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3-D Ghostmania

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Home / Software - 3-D Ghostmania

3-D Ghostmania

3-D Ghostmania Intro
3-D Ghostmania Intro
3-D Ghostmania
3-D Ghostmania

3-D Ghostmania is a 3 dimensional version of Pacman...sort of. A major difference is that in order to kill a ghost, you must be physically standing on one of the power pellets, and let the ghosts run into you. When a ghost first sees you, it will start chasing you, and increasing it's point score (up to 255) while chasing you. You get as many points as it has accumulated when it runs into you standing on a pellet. Each pellet also has a count of how many ghost-killing charges it has left, starting at 3. It also re-generates the maze each time you play, based on a sequence of 11 digits that you can define at the bottom of the screen. It also features a demo mode, and a mode where you can just wander the maze without ghosts.
The publisher's of this game had something unique when you bought it: a monthly publication called The Challenge List, which listed high scores and competition events. When you bought the game, you got a free 6 month subscription. I have no idea how long this lasted, though.

(spacebar) - move forward
q - quit game
h - view map (any other key to exit view)
b - turn backwards
, - turn left
. - turn right

Title: 3-D Ghostmania

Author: Randy S. Johnson

Publisher: Educational Arcade Systems

Released: 1982

Requires: Color Computer 1,2,3, 16K RAM, tape or disk.


Rainbow: 1983, March, Pag.116

Puts You In This Fascinating Game

On no! Not another Pac-Man game. It sure seems that the Color Computer has been bombarded with enough Pac-Man games, but this is one of the more original ones.

This game has you in the game itself, not looking down, but in it, moving through walled corridors. Ghostmania is slightly different from the arcade version. First, there are no pellets to eat, and instead of energizers there are blue squares. While going through the maze the ghosts (there are about 30 of them) do not move until they see you, then they move at you. They gain points, which are displayed in the upper left hand corner, as they move, up to 255 points. You then run, if you have the chance, to a place where one of the blue squares is under you. The computer then displays how many more charges the pill has left, one to three. There you wait until the ghost rounds a corner and runs into you. You then get how many points he accumulated and one POSITIVE ENCOUNTER. The ghost is then eliminated. If you run into a ghost without being on a blue square you get a NEGATIVE ENCOUNTER, and the ghost disappeai-s. After nine negative encounters the game ends. After a set number of positive encounters, determined by the level, you get a bonus game. The game has the fortunate option of stopping the action and looking down upon the maze, showing the ghosts, blue squares, you and the direction you are facing.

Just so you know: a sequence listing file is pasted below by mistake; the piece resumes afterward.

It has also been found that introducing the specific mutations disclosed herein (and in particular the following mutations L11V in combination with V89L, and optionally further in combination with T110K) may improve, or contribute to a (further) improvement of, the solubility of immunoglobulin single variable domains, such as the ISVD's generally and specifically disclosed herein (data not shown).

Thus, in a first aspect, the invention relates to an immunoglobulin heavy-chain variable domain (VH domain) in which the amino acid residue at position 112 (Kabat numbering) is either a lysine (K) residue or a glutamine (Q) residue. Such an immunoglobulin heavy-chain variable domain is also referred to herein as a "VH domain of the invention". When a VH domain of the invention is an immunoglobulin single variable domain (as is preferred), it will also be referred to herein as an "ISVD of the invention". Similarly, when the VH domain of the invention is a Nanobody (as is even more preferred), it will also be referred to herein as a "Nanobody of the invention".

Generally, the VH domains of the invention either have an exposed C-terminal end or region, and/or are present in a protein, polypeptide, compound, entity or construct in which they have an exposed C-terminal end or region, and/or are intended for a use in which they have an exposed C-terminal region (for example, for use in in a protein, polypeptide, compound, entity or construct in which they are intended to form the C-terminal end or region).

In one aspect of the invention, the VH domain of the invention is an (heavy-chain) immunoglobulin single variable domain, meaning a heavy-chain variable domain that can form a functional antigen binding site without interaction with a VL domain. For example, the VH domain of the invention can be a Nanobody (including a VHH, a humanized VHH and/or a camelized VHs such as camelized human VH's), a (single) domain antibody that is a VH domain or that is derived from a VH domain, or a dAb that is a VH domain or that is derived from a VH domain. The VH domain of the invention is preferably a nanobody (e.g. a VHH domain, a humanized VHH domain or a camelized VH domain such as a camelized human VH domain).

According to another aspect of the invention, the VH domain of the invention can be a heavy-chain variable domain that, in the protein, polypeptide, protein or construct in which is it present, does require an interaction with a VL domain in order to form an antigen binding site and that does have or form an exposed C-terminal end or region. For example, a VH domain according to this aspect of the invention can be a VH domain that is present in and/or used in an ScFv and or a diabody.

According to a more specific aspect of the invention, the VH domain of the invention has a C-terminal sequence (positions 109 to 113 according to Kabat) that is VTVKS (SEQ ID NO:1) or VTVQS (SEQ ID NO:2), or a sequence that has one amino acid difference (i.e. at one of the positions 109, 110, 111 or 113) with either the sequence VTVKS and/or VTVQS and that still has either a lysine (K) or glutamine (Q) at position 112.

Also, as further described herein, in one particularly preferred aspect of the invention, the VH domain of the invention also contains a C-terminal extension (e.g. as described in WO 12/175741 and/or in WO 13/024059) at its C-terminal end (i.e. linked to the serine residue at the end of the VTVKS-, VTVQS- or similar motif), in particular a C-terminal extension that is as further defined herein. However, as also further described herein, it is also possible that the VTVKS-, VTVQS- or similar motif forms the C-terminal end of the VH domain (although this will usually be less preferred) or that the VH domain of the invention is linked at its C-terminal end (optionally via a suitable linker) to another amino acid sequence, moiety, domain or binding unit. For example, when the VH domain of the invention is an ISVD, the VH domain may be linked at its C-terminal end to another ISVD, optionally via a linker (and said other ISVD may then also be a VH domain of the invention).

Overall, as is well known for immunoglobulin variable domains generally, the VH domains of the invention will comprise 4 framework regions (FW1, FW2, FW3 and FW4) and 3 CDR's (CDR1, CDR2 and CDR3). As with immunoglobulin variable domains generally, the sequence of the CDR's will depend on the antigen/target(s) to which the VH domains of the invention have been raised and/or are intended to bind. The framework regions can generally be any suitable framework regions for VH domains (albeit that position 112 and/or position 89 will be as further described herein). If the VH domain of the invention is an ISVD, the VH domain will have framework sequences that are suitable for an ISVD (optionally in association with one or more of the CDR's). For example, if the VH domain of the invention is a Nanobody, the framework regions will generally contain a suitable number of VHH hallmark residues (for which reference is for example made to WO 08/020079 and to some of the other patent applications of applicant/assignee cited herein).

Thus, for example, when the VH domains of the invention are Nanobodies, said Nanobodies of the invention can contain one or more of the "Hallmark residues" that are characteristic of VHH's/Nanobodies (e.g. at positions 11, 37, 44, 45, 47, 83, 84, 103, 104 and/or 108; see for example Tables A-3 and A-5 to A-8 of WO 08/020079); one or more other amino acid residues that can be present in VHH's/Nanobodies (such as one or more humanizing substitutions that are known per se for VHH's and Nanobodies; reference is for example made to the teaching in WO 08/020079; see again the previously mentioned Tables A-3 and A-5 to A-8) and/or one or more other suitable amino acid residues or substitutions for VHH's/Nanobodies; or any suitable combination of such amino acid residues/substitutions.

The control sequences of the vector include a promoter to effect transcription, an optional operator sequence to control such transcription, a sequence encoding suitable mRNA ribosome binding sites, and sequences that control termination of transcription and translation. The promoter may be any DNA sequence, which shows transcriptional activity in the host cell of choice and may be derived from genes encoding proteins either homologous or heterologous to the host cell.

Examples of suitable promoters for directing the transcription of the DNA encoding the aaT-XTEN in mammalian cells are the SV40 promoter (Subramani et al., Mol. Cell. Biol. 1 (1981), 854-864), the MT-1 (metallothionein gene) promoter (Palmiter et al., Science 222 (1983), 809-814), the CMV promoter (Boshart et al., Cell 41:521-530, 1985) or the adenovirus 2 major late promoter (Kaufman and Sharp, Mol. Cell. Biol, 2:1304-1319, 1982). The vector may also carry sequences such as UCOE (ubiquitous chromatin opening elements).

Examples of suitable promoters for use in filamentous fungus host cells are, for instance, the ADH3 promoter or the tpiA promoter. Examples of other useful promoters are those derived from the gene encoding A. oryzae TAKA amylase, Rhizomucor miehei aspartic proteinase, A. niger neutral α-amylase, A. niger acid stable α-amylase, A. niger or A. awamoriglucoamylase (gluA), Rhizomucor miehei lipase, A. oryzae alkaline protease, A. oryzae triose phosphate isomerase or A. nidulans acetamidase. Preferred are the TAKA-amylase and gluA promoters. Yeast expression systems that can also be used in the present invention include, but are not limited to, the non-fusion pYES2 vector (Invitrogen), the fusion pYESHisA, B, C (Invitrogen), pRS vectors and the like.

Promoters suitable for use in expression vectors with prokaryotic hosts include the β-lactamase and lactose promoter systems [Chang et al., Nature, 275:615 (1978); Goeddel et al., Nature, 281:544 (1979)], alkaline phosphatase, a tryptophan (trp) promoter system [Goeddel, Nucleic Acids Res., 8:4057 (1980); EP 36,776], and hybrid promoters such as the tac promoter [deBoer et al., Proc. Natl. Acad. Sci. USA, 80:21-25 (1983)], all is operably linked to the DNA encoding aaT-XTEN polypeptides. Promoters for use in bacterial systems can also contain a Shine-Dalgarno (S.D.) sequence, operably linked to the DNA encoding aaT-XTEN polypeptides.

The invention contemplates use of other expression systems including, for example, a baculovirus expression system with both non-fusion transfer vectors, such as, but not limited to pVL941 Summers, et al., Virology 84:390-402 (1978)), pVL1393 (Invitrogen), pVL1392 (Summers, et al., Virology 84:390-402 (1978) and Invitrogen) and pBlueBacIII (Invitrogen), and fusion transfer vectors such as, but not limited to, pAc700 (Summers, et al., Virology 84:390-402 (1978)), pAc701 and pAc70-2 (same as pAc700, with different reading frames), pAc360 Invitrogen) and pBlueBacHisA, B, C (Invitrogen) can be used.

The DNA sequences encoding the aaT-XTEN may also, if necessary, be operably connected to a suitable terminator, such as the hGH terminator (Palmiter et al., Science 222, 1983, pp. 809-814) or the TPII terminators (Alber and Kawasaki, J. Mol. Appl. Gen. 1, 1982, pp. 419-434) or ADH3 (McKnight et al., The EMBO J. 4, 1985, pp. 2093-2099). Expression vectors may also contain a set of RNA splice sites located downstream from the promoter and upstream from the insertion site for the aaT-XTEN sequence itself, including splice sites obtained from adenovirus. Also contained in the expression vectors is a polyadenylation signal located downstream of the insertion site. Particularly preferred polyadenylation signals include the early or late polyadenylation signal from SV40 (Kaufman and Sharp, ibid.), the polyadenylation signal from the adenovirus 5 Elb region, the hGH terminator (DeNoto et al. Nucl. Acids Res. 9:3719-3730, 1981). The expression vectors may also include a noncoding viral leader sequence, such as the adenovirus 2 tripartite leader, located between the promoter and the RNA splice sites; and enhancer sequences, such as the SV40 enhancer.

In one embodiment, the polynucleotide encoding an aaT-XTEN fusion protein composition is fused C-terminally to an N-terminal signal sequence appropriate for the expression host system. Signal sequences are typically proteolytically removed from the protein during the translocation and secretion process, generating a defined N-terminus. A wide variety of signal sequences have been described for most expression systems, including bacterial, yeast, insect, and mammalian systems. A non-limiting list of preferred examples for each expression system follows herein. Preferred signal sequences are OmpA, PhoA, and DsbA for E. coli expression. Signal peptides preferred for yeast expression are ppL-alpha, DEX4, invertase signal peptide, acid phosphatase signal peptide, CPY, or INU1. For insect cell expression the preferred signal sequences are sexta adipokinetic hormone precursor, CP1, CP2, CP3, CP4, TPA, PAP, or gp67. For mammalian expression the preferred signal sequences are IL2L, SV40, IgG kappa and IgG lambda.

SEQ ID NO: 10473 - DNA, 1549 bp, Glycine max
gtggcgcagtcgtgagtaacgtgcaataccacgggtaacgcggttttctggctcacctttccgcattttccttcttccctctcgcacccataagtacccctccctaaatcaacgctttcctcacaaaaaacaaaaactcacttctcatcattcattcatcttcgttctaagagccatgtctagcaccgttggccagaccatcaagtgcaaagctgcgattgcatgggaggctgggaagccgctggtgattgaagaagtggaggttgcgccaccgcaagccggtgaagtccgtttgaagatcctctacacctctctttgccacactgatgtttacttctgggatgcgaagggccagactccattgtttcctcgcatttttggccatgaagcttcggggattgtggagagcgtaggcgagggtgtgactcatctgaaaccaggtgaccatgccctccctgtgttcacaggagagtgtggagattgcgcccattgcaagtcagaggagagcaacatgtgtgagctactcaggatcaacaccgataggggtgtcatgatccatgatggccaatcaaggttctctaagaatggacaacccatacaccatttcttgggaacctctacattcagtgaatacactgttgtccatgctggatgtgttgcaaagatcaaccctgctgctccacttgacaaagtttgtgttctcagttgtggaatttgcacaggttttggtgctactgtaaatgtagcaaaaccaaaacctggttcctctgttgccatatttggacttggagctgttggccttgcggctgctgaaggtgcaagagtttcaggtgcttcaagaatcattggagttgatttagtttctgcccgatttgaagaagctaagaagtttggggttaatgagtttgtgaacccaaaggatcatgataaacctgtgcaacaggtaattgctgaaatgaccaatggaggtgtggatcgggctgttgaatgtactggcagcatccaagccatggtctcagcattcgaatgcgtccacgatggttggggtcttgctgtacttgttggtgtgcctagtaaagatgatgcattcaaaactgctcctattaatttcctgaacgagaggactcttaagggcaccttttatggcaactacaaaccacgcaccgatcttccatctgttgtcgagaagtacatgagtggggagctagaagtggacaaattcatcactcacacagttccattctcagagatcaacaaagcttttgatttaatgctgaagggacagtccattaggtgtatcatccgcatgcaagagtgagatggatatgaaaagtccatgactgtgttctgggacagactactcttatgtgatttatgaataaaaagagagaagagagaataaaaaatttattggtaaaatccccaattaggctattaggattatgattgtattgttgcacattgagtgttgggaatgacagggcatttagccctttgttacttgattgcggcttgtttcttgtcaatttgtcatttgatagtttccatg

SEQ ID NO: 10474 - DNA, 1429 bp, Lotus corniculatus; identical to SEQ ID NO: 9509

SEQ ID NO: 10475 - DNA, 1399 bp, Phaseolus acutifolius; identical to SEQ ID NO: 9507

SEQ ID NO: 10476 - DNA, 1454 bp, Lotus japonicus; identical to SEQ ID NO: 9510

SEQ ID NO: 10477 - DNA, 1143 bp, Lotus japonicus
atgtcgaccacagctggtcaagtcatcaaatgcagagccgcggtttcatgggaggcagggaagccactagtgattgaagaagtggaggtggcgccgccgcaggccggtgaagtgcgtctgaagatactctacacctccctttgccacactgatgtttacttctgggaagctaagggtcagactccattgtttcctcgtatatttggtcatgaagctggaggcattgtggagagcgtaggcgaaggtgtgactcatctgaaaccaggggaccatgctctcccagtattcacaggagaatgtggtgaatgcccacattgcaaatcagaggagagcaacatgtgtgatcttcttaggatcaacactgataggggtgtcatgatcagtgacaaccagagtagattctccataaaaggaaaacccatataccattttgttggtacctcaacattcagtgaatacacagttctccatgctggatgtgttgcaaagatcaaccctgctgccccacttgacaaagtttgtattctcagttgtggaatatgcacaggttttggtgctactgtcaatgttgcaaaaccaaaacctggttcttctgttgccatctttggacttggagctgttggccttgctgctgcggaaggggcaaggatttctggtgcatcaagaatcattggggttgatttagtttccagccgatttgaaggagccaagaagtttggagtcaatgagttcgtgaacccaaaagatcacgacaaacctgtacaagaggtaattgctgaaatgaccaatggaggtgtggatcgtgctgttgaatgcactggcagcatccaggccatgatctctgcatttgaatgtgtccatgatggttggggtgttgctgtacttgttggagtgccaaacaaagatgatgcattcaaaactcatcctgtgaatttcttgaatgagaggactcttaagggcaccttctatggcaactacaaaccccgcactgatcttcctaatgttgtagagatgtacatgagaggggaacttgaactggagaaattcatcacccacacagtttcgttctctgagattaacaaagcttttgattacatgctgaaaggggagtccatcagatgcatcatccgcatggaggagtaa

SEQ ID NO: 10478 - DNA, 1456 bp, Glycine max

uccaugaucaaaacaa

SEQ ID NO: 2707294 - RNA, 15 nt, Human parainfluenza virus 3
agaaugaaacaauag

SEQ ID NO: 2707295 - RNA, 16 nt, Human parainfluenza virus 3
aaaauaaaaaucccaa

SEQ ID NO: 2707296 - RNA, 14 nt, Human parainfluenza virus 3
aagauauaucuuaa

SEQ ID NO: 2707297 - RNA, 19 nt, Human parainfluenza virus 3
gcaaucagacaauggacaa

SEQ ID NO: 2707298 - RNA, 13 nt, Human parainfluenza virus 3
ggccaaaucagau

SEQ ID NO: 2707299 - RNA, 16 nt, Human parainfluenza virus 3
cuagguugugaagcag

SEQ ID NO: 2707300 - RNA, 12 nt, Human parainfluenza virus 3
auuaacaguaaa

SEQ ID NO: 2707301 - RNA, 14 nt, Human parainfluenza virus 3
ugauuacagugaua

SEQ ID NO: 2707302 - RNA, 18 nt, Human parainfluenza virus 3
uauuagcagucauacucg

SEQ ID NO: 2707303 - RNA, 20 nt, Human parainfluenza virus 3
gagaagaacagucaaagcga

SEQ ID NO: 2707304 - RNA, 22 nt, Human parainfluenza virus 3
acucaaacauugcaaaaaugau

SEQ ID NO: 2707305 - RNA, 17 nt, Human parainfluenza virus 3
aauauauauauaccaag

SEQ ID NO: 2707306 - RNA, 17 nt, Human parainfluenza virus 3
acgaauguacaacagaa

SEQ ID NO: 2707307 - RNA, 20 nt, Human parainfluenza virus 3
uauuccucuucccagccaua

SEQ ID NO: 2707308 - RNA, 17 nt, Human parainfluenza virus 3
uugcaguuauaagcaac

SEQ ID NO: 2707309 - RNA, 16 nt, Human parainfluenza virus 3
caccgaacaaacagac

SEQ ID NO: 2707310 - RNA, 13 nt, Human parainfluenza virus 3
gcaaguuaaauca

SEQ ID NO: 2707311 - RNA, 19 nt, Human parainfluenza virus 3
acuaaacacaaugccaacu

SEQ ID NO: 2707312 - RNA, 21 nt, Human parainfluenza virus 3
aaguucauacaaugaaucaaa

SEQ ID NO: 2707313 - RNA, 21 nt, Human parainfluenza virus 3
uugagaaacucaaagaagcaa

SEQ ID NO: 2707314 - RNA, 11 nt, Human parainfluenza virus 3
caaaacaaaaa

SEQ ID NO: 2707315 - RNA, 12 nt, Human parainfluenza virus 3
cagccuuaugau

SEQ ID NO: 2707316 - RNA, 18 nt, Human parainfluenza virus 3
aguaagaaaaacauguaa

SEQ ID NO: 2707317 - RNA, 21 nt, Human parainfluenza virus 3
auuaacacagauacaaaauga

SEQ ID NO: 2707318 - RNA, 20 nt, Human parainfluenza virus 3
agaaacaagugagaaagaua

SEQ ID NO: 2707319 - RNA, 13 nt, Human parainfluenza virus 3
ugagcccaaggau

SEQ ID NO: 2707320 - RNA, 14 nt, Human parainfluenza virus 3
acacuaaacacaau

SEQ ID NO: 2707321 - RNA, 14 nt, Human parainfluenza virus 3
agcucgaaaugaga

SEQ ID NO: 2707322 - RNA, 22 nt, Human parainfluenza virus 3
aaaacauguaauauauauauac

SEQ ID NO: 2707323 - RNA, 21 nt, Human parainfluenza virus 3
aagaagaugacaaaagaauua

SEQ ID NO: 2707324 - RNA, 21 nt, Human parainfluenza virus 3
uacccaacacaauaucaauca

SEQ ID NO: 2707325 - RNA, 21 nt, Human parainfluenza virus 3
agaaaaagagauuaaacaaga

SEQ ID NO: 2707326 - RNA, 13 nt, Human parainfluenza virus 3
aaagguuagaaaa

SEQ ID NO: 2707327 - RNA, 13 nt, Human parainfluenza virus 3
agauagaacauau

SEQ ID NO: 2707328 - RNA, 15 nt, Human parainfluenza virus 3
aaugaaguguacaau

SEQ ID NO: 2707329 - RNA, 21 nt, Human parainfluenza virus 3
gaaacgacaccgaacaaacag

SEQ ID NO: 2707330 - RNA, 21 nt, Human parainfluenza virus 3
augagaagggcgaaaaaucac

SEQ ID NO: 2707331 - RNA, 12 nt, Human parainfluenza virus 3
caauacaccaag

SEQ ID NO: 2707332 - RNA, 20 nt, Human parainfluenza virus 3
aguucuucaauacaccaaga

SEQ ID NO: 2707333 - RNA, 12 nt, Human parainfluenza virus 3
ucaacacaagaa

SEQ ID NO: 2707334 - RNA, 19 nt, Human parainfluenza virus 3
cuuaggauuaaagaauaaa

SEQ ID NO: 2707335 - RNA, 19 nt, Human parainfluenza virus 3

The game can be played for practice without ghosts or have the computer play. There are three skill levels, Beginner, Intermediate, and Competition. There are 10 speed options.

The maze is player designed. There is an 1 1-digit number displayed at the bottom before the game. The digits determine where passageways start and end and where turns go. For example, 99999999999 would be the easiest maze while 33333333333 would be the hardest. Three is recommended by the manual, as you would most likely be confined in a small area and unable to get to some places.

The graphics I must say are the best I have seen in a game of this sort. Fast machine code produces blue sky, green hallways, an orange floor and very believable white ghosts with blue eyes in a real-time environment. (For any of you Chromasette subscribers out there who have the game Amazing, the graphics are similar.) The program is written in machine language, and, as such, is very fast. If you buy the program, buy it for the graphics.

The game even has a monthly publication called the Challenge List of high scores and competition events. You receive a six-month subscription free when you mail in your registration form.

The 1 1-page manual is very good. It goes over every detail of the game. No joy sticks are required for this game and only 16K. According to the manual, the disk version requires 32K and two disk drives. A game that requires two disk drives must really be something! The cassette version is well worth the price.

(Educational Arcade Systems, 5350 So. 3600W., Salt Lake City, UT 84118, $29.95 for cassette)

—Jeff White

HOT COCO: 1983-06, Pag.136

3-D Ghostmania Try to outwit pursuing ghosts in a three-dimensional maze of hallways. 3-D Ghostmania, a game of strategy, memory, and motor skill, is written for machines with 16K. It includes 30 skill levels, high resolution graphics, and easy commands and Instructions. No joysticks are required. The price is $29.95 from Educational Arcade Sys­tems, 5350 South 3600 W., Salt Lake City, UT 84118, 801-969-4139. Reader Service 551